Catholics/FB group statement


FB group, "United Catholics", a portion of a statement made by some self proclaimed guru:

"My basic point in all this is that it cannot be claimed that the Rosary or the Scapular or "miraculous medal" are parts of the Catholic doctrine any more than it can be claimed that either "Mary is God" or that abortion or homosexuality will be Divinely approved at some point in the future. This is all gross error -- but one would never know it from reading some of the "propaganda" out there supporting these "devotions."

Instead, the Rosary should be regarded as nothing more than simply one of many other devotions practiced in the Church. Such as the Stations of the Cross or the Angelus -- both of which, by the way, are apparently many centuries older than the Rosary. Not to mention the "miraculous medal," which goes back only to the mid-nineteenth century."

I'm interested in your reaction.  TY.

It is difficult to give a reaction when I am reading a statement out of context.  What was the person responding to?

It is also difficult to give a reaction due to the ambiguity of the terminology.  What does the person mean by "doctrine?"  

If by "doctrine" the person means "dogma" (and it seems the person does mean it in that sense) then the person is correct. However, just because something is not a dogma does not mean it is not important.  

The Rosary is certainly not "dogma."  In other words no council, pope or bishops have ever said that Catholics are under pain of sin are bound to accept that the devotion of the Rosary was divinely revealed. The same could be said about the Scapular and the miraculous medal.

That being said--just because something is not dogma in the strict sense does not mean the devotions are irrelevant or not important.  While it is certainly true that Jesus and the Apostles did not go around and teach people the "Hail Mary" or hand out Rosaries it does not make the devotion unimportant. The Rosary is the most powerful prayer in the Church next to the Mass.  The meditations on the Rosary are all meditations on some aspect of the Incarnation and ministry of Christ.  To that extent they take the dogmas of the Church out of the intellectual and heady into the realm of the heart and personal.  

The Rosary is a devotion and it isn't for everyone.  The stations of the cross are another devotion but they aren't for everyone.  These devotions are tools and aids to prayer that have developed over the centuries and shown to be effective tools to helping people pray.

It is true that some people act like the Rosary, Stations of the Cross etc are devotions every Catholic must do under pain of sin and to that end the people act like they are more Catholic than the pope and more Roman than Rome. They act as if Jesus instituted the Rosary at the Last Supper and the Apostles forged the miraculous metal out of the metal of the chalice used at the Last Supper. I therefore understand the person's frustration when he said what he said in his statement.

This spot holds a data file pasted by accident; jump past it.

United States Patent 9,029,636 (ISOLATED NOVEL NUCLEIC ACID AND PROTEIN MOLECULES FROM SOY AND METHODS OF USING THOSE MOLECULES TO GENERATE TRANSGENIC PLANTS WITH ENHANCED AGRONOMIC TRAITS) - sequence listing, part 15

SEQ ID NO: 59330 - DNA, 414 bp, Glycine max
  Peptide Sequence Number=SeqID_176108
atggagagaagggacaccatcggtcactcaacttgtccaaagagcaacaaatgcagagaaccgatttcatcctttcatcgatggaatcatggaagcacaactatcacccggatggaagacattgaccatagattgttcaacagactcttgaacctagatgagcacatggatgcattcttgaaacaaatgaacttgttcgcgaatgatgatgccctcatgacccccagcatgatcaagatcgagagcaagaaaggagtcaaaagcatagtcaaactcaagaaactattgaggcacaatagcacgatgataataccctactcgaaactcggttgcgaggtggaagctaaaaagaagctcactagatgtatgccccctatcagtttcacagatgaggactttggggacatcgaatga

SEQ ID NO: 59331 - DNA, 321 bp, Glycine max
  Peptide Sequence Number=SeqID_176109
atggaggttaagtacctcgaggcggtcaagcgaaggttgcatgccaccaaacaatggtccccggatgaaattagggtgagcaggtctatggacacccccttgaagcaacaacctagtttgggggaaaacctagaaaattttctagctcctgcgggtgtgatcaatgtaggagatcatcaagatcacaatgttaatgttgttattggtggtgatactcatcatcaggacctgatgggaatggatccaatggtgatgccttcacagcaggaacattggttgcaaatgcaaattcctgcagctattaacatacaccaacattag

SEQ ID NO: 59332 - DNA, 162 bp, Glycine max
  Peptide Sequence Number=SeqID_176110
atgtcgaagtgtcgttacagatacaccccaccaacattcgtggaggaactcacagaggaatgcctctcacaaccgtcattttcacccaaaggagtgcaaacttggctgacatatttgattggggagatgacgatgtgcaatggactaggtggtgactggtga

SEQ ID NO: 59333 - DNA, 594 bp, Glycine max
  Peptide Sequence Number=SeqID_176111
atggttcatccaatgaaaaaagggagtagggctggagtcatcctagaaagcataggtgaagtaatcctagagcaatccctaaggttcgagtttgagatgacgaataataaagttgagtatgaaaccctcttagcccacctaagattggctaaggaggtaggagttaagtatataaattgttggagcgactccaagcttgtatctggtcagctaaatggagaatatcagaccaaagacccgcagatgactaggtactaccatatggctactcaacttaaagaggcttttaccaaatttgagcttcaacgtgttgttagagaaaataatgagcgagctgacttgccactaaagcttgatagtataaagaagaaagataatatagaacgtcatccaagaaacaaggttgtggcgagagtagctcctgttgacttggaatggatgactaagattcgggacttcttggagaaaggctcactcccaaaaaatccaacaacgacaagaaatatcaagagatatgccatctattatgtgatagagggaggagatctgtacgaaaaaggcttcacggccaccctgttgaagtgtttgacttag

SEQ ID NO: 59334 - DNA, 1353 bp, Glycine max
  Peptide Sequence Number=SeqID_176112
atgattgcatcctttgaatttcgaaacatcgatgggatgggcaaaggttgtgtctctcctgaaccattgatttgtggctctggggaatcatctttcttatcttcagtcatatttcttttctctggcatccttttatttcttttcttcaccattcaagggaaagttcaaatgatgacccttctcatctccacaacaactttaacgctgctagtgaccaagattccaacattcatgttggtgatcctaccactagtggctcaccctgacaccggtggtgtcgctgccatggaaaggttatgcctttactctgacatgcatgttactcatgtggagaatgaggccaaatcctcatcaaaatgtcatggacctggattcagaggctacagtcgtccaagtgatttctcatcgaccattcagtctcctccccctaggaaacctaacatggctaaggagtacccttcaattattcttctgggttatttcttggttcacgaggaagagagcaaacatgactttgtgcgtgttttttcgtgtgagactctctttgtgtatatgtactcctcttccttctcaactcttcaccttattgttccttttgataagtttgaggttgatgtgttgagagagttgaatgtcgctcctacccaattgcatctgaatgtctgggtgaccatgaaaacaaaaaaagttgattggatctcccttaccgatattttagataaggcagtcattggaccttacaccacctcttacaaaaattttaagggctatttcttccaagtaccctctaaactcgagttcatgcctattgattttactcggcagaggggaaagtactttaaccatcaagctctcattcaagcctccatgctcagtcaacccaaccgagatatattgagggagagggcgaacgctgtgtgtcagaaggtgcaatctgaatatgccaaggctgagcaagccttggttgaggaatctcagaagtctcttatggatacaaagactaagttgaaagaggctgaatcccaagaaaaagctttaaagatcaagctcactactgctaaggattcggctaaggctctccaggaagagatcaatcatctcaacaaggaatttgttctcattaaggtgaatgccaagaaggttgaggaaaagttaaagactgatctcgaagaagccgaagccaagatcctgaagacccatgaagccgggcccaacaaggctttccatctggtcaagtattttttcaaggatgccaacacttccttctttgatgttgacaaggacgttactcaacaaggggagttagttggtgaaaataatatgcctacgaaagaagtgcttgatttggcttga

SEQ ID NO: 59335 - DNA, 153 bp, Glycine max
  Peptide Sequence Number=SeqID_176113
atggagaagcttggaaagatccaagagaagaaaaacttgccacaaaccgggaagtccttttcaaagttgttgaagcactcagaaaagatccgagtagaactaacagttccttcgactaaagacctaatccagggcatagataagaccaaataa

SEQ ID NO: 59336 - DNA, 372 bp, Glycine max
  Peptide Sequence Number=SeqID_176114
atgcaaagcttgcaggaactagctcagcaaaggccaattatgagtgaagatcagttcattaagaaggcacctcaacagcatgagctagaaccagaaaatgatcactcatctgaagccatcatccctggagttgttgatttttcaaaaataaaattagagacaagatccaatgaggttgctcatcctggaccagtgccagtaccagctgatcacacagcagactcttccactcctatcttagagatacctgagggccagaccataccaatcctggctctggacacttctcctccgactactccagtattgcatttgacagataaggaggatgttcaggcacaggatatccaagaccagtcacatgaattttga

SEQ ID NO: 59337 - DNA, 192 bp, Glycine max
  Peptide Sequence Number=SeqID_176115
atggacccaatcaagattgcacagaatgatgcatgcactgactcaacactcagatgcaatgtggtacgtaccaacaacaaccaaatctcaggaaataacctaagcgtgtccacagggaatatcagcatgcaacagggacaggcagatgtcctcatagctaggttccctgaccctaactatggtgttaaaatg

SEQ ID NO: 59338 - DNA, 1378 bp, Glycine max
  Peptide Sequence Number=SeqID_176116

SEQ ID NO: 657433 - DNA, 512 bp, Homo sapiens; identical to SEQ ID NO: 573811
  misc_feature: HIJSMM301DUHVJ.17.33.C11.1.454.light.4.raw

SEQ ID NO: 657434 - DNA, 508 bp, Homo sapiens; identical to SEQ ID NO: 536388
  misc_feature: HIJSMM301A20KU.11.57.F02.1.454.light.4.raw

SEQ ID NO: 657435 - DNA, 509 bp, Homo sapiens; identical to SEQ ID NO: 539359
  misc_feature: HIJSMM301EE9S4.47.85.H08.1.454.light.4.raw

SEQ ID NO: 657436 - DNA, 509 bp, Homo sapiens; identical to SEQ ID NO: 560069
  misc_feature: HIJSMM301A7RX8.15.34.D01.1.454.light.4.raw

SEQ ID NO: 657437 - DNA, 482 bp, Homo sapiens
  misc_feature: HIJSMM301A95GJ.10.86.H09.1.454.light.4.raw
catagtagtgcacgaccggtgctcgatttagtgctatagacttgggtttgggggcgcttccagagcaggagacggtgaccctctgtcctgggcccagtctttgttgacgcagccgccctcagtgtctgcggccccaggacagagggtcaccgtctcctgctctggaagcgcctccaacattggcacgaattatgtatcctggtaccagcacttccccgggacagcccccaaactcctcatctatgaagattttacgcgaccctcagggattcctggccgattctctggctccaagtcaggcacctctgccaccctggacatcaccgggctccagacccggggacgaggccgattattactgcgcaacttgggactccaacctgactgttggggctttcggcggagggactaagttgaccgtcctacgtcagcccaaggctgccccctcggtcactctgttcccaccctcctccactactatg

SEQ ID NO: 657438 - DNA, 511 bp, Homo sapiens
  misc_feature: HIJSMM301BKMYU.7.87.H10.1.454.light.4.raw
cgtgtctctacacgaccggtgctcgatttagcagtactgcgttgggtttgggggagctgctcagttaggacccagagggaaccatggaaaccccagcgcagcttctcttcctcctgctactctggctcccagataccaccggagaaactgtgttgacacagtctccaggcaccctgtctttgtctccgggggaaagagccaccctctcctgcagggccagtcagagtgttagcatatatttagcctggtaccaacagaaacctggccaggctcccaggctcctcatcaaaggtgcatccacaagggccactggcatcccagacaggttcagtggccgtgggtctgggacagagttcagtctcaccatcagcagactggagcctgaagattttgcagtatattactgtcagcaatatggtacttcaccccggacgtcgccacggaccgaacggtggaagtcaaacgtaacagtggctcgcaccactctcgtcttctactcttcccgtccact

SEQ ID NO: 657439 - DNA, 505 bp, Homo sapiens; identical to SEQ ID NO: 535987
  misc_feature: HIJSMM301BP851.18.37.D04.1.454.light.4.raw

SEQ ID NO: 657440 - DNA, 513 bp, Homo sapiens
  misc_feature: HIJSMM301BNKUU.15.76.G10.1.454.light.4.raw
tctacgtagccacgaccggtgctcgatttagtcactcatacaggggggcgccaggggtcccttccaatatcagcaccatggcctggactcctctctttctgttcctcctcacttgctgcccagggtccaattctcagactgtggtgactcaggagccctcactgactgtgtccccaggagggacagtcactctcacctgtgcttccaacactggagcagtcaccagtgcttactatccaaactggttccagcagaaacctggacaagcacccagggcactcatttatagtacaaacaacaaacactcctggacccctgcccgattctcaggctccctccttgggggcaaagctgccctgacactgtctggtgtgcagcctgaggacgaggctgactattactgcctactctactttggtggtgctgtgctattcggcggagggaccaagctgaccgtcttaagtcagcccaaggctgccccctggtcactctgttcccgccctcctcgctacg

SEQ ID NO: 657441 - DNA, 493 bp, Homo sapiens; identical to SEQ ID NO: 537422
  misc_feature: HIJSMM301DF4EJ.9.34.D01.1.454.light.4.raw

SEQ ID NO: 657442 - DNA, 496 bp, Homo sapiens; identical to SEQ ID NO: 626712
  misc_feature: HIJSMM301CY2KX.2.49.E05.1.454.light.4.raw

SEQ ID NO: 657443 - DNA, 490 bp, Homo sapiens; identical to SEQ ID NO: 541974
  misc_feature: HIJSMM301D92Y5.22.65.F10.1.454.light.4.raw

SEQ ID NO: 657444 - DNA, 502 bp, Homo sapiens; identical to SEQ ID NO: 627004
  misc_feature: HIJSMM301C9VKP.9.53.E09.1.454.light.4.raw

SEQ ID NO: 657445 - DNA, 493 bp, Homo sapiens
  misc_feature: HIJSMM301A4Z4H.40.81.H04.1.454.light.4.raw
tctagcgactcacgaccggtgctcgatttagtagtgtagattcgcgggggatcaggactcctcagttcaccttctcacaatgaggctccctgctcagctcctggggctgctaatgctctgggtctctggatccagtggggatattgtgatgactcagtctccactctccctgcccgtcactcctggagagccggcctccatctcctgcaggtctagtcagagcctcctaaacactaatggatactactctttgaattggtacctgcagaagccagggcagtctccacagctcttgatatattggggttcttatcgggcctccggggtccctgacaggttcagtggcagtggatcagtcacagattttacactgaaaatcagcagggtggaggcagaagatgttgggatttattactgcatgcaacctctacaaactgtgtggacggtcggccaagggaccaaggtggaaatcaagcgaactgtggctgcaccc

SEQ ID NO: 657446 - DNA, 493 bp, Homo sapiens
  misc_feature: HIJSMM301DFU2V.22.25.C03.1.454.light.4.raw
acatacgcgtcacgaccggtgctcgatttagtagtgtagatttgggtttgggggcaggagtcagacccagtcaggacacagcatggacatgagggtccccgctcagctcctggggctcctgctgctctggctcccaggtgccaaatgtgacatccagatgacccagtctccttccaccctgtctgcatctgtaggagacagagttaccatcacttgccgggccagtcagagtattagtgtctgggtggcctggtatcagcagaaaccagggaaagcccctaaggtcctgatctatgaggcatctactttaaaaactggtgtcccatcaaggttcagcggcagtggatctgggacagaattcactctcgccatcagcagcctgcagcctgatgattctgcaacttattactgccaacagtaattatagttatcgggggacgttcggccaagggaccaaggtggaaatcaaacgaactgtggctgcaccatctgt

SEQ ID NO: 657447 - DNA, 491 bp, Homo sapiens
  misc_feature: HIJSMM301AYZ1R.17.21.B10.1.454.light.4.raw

Notwithstanding the above the Rosary, Stations of the Cross, the Miraculous metal, etc, are all devotions that while not required are extremely helpful as tools and aids in prayer.  

In any case the short answer to your question is that the statement is in essence correct but it is misleading-at least as I read it.  As I read the statement is almost seems to make light of the devotions and presents them as irrelevant and incidental. They are not irrelevant nor are they incidental.  


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Father Dave Bechtel


I am a Catholic priest in good standing and in active ministry in the Diocese of Scranton PA. I can answer most any question about the Catholic Faith, however my area of specialization is Systematic Theology. Systematic Theology is a branch of theology that focuses on the fundamental tenants of the Faith and the Dogmas of the Faith. I have specialization on the Reformation and Catholic vs. Protestant theology/issues and answering Protestant challenges to the Faith.


I was ordained in June of 2008. Since that time the thrust of my ministry has been specialized. In my first assignment I was an assistant pastor. A year later I was sent to work in education. I spent six (6) years in education and have now assumed my first pastorate. While education was the thrust of my ministry, nevertheless I continued to have a hand in parish ministry, hospital chaplaincy and prison chaplaincy. Now that I am out of education I will obviously be focusing more on parish work than specialized ministry. I have two years of formal Clinical Pastoral Education and prior to ordination I successfully pursued Board Certification for health care ministry through the NACC. My certification needs to be renewed and I plan to seek dual certification in health care ministry (NACC and APC) when I renew my certification. I have a breadth of experience working with Protestant ministers and collaborating with them to achieve the goals of hospital pastoral care and chaplaincy. These ministers run the spectrum from the liberal to the conservative.

Bachelors of Science-- University of Scranton PA Masters of Arts Theology--- Saint Mary's Seminary and University Baltimore MD Masters of Divinity--- Saint Charles Borremeo Seminary Philadelphia PA Board Certified Chaplain (up for renewal)

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